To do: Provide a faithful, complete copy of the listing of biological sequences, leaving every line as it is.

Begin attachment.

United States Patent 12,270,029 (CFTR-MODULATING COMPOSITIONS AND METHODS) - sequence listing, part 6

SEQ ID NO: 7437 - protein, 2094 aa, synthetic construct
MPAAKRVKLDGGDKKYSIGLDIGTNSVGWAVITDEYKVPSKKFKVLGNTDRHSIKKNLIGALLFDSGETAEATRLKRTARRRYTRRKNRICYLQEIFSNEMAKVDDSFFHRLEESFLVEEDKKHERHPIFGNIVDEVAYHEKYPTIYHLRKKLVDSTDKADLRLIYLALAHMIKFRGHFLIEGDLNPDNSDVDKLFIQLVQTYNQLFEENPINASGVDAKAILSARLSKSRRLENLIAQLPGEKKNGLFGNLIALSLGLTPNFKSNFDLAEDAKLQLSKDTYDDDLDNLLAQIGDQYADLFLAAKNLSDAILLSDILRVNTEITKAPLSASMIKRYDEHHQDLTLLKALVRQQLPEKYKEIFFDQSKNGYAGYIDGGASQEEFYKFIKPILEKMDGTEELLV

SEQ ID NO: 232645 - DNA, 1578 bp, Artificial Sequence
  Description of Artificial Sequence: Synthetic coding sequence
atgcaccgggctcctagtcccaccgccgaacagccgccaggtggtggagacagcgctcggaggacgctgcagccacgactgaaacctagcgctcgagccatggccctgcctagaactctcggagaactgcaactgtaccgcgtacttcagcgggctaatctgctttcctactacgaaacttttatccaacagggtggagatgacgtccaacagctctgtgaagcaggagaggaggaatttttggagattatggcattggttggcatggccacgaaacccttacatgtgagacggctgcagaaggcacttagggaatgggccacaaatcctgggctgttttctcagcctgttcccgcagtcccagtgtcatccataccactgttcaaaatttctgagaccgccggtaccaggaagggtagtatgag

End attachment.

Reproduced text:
United States Patent 12,270,029 (CFTR-MODULATING COMPOSITIONS AND METHODS) - sequence listing, part 6

SEQ ID NO: 7437 - protein, 2094 aa, synthetic construct
MPAAKRVKLDGGDKKYSIGLDIGTNSVGWAVITDEYKVPSKKFKVLGNTDRHSIKKNLIGALLFDSGETAEATRLKRTARRRYTRRKNRICYLQEIFSNEMAKVDDSFFHRLEESFLVEEDKKHERHPIFGNIVDEVAYHEKYPTIYHLRKKLVDSTDKADLRLIYLALAHMIKFRGHFLIEGDLNPDNSDVDKLFIQLVQTYNQLFEENPINASGVDAKAILSARLSKSRRLENLIAQLPGEKKNGLFGNLIALSLGLTPNFKSNFDLAEDAKLQLSKDTYDDDLDNLLAQIGDQYADLFLAAKNLSDAILLSDILRVNTEITKAPLSASMIKRYDEHHQDLTLLKALVRQQLPEKYKEIFFDQSKNGYAGYIDGGASQEEFYKFIKPILEKMDGTEELLV

SEQ ID NO: 232645 - DNA, 1578 bp, Artificial Sequence
  Description of Artificial Sequence: Synthetic coding sequence
atgcaccgggctcctagtcccaccgccgaacagccgccaggtggtggagacagcgctcggaggacgctgcagccacgactgaaacctagcgctcgagccatggccctgcctagaactctcggagaactgcaactgtaccgcgtacttcagcgggctaatctgctttcctactacgaaacttttatccaacagggtggagatgacgtccaacagctctgtgaagcaggagaggaggaatttttggagattatggcattggttggcatggccacgaaacccttacatgtgagacggctgcagaaggcacttagggaatgggccacaaatcctgggctgttttctcagcctgttcccgcagtcccagtgtcatccataccactgttcaaaatttctgagaccgccggtaccaggaagggtagtatgag